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Mom and baby lemur

Rita and Momo

If you have been following along, you know that on July 17th, we were brought a two month old baby lemur. She had not eaten in two days, and we made the decision to see if we could save her...knowing the odds were against her. When Momo arrived, she weighed 97 grams, one-third the weight of a healthy two month old. It has been a constant battle to get her to eat, but after 2 weeks, she is up to 150 grams! While the first few days were spent just seeing if she would live, we knew we would have to introduced her to other lemurs soon if she would have any chance of a normal life. Lemurs are incredibly social animals, being hand-raised leads to severe psychological issues and aggression and living a life alone is a horrible fate for these primates.

So, about a week after she got here, we started walking her down to see our two troops of adult lemurs. Hearing, seeing, and smelling each other would be the first step to an introduction. Every day, she would go on several small visits. We chose the smaller troop of three, with Mort, Miss Stewart, and our gentlest female, Rita, to be the best family group for her.

After two long weeks, we were all set for a full introduction in a secure environment so we brought Rita up to the sun-room (which has served as a recovery room for her before) to meet Momo. It was a very tense and scary situation - a bite from Rita could end Momo's life in a split second. But, Rita proved to be the gentle, patient, loving lemur that we knew she was! The introduction went far better than we every expected.

Now that the two are together, we are giving them the space they need to bond. We also need Momo to get strong enough to cling on to Rita while she jumps around. During this time, Momo will still be fed her formula to make sure that she continues to grow. But, just in the short time she has been around Rita, she is already trying to eat on her own a bit!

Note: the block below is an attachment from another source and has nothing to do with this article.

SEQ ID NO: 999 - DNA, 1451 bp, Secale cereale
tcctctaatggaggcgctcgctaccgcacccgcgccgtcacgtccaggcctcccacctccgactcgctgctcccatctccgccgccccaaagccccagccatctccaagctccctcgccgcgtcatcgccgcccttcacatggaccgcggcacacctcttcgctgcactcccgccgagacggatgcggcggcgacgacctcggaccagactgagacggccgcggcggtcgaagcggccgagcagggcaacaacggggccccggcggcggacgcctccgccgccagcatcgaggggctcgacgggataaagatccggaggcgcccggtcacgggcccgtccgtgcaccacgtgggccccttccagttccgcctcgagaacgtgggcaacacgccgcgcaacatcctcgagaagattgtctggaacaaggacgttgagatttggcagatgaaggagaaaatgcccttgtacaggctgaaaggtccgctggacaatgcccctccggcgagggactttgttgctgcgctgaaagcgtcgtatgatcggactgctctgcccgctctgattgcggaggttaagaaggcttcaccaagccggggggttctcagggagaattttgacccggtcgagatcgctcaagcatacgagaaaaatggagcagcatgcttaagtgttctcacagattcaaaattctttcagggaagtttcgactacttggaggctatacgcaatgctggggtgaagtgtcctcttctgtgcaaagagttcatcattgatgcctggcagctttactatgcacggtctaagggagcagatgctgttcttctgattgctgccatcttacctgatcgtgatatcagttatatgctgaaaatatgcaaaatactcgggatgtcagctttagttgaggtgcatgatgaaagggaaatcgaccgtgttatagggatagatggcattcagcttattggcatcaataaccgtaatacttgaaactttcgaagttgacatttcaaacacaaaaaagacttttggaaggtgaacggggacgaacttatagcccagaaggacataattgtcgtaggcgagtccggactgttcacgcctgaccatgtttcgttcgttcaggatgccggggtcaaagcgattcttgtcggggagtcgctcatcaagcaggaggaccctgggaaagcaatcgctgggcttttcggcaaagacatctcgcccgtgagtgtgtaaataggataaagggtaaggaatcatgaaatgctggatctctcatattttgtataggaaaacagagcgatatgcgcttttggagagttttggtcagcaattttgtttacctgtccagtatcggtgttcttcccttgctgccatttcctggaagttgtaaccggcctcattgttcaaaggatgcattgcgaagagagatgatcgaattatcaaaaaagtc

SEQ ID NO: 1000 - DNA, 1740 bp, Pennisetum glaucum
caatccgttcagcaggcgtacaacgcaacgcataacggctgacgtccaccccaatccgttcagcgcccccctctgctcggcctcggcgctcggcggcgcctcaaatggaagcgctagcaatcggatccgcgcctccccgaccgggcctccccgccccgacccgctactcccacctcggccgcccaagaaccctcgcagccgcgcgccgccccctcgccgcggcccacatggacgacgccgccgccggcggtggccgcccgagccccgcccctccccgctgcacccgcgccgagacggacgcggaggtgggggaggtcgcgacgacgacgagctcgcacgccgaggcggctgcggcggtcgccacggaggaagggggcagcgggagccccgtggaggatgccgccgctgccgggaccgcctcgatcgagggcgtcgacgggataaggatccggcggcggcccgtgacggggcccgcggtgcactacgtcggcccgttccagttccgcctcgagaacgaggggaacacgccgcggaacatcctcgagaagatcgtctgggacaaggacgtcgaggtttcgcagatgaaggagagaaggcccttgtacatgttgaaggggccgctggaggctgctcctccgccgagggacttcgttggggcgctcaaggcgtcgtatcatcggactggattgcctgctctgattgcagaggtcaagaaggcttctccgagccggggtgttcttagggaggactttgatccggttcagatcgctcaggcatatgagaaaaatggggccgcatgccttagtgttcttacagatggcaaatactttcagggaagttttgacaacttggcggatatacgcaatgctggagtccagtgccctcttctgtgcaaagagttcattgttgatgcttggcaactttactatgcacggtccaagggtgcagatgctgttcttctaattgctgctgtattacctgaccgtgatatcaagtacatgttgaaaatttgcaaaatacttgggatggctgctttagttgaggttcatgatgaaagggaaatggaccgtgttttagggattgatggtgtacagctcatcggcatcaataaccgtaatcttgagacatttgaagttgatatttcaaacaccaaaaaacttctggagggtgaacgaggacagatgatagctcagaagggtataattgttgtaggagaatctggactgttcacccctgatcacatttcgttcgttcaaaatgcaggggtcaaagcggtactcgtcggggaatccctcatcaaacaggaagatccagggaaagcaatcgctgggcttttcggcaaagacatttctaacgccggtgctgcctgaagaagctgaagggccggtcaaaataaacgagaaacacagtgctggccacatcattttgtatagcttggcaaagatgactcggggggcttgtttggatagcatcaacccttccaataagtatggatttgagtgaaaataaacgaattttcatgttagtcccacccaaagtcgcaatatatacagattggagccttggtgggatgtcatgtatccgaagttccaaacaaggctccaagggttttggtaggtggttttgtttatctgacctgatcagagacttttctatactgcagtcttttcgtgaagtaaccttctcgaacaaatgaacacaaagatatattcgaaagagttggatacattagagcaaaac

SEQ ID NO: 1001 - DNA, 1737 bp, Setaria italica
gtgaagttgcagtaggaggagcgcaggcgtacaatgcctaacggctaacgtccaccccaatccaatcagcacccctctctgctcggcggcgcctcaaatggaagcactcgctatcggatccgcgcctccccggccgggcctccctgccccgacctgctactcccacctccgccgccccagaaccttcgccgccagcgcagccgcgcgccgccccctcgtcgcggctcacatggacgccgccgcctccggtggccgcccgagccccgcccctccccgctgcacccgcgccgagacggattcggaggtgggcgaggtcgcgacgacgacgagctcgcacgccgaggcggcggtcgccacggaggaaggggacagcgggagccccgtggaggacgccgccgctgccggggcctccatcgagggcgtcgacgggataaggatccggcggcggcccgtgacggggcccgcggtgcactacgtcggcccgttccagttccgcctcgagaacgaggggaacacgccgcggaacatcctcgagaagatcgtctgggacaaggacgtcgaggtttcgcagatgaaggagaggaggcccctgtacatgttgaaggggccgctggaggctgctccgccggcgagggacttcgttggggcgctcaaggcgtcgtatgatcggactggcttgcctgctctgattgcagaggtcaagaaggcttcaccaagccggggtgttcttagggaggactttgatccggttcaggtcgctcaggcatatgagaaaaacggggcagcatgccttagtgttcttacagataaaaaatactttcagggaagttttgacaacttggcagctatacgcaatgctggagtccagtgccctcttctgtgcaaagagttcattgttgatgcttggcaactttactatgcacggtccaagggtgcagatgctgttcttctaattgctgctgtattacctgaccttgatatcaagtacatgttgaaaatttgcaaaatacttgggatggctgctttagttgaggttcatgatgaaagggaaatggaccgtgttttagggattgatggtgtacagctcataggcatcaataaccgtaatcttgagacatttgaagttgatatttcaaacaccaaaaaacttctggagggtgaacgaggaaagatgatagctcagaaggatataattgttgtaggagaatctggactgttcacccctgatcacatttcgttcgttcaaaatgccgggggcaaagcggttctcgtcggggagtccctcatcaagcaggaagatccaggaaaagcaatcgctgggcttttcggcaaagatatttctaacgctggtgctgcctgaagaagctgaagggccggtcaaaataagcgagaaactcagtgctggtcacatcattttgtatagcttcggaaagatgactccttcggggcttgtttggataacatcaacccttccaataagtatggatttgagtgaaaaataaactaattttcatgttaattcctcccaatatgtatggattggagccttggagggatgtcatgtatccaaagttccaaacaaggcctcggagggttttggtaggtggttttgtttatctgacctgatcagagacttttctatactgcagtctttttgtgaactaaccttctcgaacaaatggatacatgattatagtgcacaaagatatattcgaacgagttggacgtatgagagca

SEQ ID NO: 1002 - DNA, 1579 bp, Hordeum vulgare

We will keep an eye on things for the next few days - then start the introduction process again with Mort and Miss Stewart. The scary stuff is not over, but what has occurred with Momo and Rita is not only a good place to start, it is more than we could have hoped for!

Make sure to follow CARE on Facebook and Instagram for Rita and Momo updates!

Update 8.9.2017

We've just posted a video of Momo's introduction to Miss Stewart and Mort yesterday - including info about next steps - on our YouTube at CARE Rescue Texas.
We wanted to take a second though to really explain how amazing this all is. Just the fact that Momo survived her first few days with us, given the shape she was in, is a miracle. That she continues to thrive is spectacular.

When Momo first arrived, we reached out to several facilities that specialize in lemurs to get some advice on what we knew to be an uphill battle. Maybe there were others who had attempted the same thing - we could learn from their successes and their failures. What we ran into, no matter who we talked to, was the same message. You can try, but don't get your hopes up - every story, piece of data, and husbandry handbook said that this cannot be done successfully. However, a few people were willing to brainstorm ideas despite their grim prognosis - and we deeply appreciate their ideas and encouragement!

We thought the best - the absolute best - we could hope for was for Momo to be accepted into the group enough that she would have company and that they wouldn't kill her. To have Rita literally take her as her own is beyond our expectations. Rarely - if ever - does a female adopt a strange, unrelated baby and take care of it the way Rita has. The fact that Mort and Miss Stewart not only accept, but seem to want to look after her too, yet allow Rita her motherhood, is icing on the cake.

We want to make it clear that Momo is the exception, not the rule. We still have to turn down multiple requests a month to take in adult lemurs who were pets - and now the owners can't or won't care for them anymore. Nine times out of 10, the lemurs are alone and aggressive. It breaks our heart every time we have to say no, but we simply do not have the resources right now to accommodate situations like these. We do the best we can, with what we have, when we can. We wish we could help them all, but right now we are so happy we have been able to help just one!